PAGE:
June 2013
Volume 54, Issue 15
Free
ARVO Annual Meeting Abstract  |   June 2013
Association between Diabetic Macular Edema and Chronic Kidney Disease in Patients with Type 2 Diabetes
Author Affiliations & Notes
  • Akihiro Ishibazawa
    Ophthalmology, Asahikawa Medical University, Asahikawa, Japan
  • Taiji Nagaoka
    Ophthalmology, Asahikawa Medical University, Asahikawa, Japan
  • Kengo Takahashi
    Ophthalmology, Asahikawa Medical University, Asahikawa, Japan
  • Atsushi Takahashi
    Ophthalmology, Asahikawa Medical University, Asahikawa, Japan
  • Harumasa Yokota
    Ophthalmology, Asahikawa Medical University, Asahikawa, Japan
  • Akitoshi Yoshida
    Ophthalmology, Asahikawa Medical University, Asahikawa, Japan
Investigative Ophthalmology & Visual Science June 2013, Vol.54, 2400. doi:
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      Akihiro Ishibazawa, Taiji Nagaoka, Kengo Takahashi, Atsushi Takahashi, Harumasa Yokota, Akitoshi Yoshida; Association between Diabetic Macular Edema and Chronic Kidney Disease in Patients with Type 2 Diabetes. Invest. Ophthalmol. Vis. Sci. 2013;54(15):2400.

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      © ARVO (1962-2015); The Authors (2016-present)

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Abstract

Purpose: To investigate the association between diabetic macular edema (DME) and chronic kidney disease (CKD) in type 2 diabetic mellitus patients.

Methods: Sixty-one eyes of 61 patients with clinically relevant DME were analyzed using optical coherence tomography (OCT) and fluorescein angiography (FA). The features of DME were classified from OCT and FA findings. The presence of CKD was defined as persistent proteinurea or an estimated glomerular filtration rate below 60 ml/min/1.73 m^2. The central macular thickness (CMT) and logarithm of the minimum angle of resolution (logMAR) visual acuity (VA) also were evaluated. We separately analyzed the presence of cystoid macular changes and serous retinal detachment (SRD) in patients with or without CKD.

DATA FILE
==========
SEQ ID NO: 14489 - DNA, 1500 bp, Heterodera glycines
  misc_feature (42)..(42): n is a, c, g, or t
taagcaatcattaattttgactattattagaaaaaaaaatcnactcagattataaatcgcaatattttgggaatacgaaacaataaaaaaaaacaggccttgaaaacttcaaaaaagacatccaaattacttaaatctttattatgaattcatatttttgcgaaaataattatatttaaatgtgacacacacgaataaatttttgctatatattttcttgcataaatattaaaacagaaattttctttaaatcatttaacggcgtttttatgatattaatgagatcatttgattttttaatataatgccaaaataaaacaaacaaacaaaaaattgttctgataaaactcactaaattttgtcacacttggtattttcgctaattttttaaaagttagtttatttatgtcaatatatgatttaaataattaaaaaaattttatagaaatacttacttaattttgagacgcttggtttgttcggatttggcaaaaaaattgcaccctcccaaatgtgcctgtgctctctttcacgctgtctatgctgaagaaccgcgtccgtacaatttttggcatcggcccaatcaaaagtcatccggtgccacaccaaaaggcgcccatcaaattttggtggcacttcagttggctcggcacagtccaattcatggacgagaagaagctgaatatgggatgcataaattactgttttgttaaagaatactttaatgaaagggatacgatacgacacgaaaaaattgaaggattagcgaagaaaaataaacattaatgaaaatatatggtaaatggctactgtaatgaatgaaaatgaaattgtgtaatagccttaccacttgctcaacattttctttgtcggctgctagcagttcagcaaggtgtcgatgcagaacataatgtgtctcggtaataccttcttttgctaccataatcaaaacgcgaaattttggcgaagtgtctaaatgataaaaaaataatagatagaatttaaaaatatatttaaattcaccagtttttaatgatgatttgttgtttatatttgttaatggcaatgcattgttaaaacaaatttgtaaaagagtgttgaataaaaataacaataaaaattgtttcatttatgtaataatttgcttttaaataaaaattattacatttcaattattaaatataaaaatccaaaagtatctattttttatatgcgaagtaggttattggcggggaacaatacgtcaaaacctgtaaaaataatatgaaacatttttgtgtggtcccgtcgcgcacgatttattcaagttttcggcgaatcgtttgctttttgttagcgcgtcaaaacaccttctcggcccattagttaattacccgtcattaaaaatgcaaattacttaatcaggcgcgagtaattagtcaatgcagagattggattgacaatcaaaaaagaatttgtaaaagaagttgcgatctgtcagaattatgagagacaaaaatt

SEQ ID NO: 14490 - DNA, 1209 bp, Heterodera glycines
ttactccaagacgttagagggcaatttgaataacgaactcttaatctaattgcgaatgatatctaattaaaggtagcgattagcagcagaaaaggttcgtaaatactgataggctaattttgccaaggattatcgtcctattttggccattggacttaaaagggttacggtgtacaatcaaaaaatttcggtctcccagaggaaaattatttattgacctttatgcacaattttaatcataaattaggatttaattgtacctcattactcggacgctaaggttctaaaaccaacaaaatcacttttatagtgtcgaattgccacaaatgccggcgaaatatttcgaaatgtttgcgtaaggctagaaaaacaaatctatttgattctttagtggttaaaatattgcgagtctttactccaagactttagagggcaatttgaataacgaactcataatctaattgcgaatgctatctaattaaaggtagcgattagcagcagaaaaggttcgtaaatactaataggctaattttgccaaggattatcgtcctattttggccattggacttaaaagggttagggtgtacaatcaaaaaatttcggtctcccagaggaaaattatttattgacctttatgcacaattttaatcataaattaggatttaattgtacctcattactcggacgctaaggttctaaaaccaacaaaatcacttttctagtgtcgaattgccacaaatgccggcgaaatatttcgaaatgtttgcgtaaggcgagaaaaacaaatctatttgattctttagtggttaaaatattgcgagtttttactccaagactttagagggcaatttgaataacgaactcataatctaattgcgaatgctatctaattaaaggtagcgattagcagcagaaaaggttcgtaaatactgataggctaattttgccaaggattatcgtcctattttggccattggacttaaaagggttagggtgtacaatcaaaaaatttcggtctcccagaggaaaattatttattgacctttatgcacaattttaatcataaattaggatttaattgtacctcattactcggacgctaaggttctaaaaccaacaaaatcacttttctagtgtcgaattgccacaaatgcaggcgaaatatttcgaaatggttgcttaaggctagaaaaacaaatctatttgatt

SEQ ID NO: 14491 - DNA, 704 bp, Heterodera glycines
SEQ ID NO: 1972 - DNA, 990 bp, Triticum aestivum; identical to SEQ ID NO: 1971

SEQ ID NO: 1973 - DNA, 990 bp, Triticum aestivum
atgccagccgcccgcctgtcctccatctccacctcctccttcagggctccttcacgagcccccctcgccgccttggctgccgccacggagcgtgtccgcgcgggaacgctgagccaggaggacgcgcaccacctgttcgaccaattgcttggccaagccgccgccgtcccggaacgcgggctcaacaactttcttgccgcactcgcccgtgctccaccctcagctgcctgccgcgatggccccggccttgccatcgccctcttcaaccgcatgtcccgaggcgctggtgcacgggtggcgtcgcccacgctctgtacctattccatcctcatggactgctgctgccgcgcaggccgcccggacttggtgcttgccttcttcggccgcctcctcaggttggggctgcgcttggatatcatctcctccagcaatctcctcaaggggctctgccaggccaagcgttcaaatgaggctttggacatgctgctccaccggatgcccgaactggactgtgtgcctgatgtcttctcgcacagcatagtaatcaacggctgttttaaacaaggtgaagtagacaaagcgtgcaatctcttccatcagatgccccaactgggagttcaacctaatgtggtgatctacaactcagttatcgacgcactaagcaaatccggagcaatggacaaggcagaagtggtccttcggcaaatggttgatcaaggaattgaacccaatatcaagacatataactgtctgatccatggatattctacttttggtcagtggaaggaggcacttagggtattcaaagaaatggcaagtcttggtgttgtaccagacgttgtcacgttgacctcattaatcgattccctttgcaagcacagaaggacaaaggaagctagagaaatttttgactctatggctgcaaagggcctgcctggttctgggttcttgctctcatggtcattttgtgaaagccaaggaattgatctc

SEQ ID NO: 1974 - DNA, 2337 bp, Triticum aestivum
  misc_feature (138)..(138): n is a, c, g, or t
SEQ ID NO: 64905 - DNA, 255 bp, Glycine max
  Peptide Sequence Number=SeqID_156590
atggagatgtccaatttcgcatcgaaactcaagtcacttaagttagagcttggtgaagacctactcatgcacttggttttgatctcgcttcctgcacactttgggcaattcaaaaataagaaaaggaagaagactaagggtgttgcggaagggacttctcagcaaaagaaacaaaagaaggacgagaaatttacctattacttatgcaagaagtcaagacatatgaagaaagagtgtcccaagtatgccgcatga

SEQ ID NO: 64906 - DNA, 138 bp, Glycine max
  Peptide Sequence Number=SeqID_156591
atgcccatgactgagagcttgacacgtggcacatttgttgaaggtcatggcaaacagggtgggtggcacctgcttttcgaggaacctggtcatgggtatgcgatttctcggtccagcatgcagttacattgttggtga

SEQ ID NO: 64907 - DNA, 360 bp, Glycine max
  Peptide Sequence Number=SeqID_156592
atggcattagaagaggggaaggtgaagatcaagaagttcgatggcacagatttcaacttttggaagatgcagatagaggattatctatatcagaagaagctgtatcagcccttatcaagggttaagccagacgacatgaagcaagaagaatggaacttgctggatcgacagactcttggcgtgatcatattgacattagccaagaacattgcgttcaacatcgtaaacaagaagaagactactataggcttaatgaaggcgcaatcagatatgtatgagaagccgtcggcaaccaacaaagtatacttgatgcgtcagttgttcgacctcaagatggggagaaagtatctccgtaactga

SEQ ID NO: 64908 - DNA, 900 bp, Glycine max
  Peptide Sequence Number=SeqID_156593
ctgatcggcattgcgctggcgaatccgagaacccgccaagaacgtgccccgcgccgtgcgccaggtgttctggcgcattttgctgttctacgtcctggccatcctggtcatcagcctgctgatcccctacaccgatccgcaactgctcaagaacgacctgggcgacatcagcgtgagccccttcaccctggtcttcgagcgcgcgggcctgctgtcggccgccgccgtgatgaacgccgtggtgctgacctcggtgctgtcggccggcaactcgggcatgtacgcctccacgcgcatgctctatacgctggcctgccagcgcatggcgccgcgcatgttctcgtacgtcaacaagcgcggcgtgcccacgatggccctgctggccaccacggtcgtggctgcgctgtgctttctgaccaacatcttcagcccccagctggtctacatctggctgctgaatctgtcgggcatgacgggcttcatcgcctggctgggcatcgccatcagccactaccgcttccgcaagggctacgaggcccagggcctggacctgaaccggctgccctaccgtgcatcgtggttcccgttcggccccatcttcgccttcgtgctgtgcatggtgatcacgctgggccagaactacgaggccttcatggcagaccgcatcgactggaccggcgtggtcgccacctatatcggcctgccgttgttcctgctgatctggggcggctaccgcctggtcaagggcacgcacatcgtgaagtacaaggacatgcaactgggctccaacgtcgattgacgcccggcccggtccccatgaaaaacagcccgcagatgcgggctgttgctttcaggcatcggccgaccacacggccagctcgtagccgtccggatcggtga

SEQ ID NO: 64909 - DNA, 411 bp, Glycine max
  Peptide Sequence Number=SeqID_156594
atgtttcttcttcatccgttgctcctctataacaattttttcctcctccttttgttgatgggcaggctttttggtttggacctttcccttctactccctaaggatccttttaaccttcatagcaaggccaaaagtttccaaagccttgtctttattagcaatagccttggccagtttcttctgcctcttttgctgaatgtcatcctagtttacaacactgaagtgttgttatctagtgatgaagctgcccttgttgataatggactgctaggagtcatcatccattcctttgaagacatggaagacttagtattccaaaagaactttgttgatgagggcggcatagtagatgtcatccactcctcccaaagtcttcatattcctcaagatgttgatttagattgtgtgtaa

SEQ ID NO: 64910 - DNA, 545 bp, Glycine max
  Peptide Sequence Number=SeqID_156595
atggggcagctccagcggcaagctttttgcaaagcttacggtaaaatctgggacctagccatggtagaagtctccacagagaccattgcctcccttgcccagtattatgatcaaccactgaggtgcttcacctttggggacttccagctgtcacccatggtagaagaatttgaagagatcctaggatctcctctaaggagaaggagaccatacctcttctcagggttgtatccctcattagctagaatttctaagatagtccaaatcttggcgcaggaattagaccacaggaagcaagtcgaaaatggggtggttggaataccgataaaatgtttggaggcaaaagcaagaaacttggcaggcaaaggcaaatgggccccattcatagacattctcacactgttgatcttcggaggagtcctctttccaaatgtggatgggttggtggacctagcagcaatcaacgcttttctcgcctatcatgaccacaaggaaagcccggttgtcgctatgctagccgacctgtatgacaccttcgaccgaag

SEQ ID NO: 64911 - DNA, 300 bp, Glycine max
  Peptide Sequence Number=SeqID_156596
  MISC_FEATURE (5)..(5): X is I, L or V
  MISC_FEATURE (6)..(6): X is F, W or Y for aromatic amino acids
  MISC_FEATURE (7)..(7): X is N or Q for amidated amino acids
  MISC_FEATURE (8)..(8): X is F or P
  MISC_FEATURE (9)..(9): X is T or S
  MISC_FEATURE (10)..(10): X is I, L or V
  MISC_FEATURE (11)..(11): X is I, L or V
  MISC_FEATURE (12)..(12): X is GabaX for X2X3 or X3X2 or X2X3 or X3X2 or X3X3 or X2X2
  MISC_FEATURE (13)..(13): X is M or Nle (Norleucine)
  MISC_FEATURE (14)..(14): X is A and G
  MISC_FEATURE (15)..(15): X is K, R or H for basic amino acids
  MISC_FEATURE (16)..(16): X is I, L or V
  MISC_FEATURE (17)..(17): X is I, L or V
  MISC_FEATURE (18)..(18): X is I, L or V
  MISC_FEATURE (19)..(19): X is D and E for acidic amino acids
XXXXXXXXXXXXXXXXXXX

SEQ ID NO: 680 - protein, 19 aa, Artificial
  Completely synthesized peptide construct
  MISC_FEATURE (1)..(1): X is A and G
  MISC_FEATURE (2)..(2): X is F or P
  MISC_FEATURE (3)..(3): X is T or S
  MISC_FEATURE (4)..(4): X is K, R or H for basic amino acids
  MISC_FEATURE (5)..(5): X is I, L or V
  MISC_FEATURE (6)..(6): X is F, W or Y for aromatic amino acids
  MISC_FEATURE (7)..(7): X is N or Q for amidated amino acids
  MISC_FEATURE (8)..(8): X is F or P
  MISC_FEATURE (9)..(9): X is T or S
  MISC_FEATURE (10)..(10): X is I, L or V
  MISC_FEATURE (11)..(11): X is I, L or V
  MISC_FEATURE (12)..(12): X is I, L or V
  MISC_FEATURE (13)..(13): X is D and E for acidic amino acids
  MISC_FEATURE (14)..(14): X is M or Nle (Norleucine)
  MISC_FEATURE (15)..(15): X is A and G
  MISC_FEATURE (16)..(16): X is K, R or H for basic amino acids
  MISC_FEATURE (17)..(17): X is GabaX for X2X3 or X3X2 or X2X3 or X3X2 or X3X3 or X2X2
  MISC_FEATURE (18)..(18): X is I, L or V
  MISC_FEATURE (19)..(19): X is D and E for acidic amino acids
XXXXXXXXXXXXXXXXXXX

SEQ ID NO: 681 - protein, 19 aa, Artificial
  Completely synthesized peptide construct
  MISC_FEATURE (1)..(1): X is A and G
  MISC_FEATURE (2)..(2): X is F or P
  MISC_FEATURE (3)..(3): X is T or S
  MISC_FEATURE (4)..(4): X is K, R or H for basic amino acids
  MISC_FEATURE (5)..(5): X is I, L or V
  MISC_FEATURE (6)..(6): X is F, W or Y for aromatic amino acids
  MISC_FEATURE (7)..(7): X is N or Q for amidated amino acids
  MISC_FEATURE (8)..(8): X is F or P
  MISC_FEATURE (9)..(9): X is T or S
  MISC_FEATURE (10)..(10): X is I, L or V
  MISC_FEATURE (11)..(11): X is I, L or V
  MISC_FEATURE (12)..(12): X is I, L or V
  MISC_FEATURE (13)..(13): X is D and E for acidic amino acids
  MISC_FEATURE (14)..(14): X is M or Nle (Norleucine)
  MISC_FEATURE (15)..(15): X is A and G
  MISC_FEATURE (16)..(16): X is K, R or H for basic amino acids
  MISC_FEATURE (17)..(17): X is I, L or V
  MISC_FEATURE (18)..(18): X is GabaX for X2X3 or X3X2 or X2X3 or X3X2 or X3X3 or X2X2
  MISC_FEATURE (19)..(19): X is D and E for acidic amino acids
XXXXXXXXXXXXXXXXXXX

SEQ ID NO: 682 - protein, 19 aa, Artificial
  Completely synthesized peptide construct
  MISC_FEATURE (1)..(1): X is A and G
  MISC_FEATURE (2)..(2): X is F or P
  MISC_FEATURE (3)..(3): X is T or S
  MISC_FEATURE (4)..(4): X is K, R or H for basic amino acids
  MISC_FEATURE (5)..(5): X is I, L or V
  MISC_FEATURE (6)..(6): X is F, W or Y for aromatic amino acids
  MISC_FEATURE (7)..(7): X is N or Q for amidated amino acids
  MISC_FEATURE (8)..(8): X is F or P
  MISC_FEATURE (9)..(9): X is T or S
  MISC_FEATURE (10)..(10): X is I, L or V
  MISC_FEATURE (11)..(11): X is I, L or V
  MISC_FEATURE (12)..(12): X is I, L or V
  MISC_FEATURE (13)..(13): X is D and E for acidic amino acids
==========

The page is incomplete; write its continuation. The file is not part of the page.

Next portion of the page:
Results: Based on OCT and FA findings, DME were classified as focal (microaneurysm leakage), diffuse (dilated capillary plexus leakage), combined, and ischemic (foveal avascular zone enlargement). The patients were divided into those without CKD (CKD(-) group, n=39) and those with CKD (CKD(+) group, n=22). The mean CMTs ± standard deviations (SD) in the CKD(-) and CKD(+) groups were 473.7 ± 157.2 μm and 474.78 ± 131.3 μm, respectively (not significant [NS]). The mean logMAR VAs ± SDs in the CKD(-) and CKD(+) groups were 0.31 ± 0.3 and 0.33 ± 0.3, respectively (NS). Regarding the DME classifications, the incidence rates of focal, diffuse, combined, and ischemic patterns were 58.8%, 10.3%, 23.7%, and 5.2%, respectively, in the CKD(-) group, and 47.8%, 8.7%, 39.1%, and 4.3%, respectively, in the CKD(+) group. There were no significant differences in these DME classification between the CKD(-) and CKD(+) groups. Cystoid changes occurred in 79.5% of the CKD(-) group and 86.4% of the CKD(+) group (NS). However, SRDs developed in 28.2% of the CKD(-) group and 63.6% of the CKD(+) group, a difference that reached significance (p=0.015).

Conclusions: SRDs developed significantly more frequently in patients with CKD with DME, which suggested that impaired renal function might be associated with DME.

Keywords: 499 diabetic retinopathy • 505 edema • 550 imaging/image analysis: clinical  
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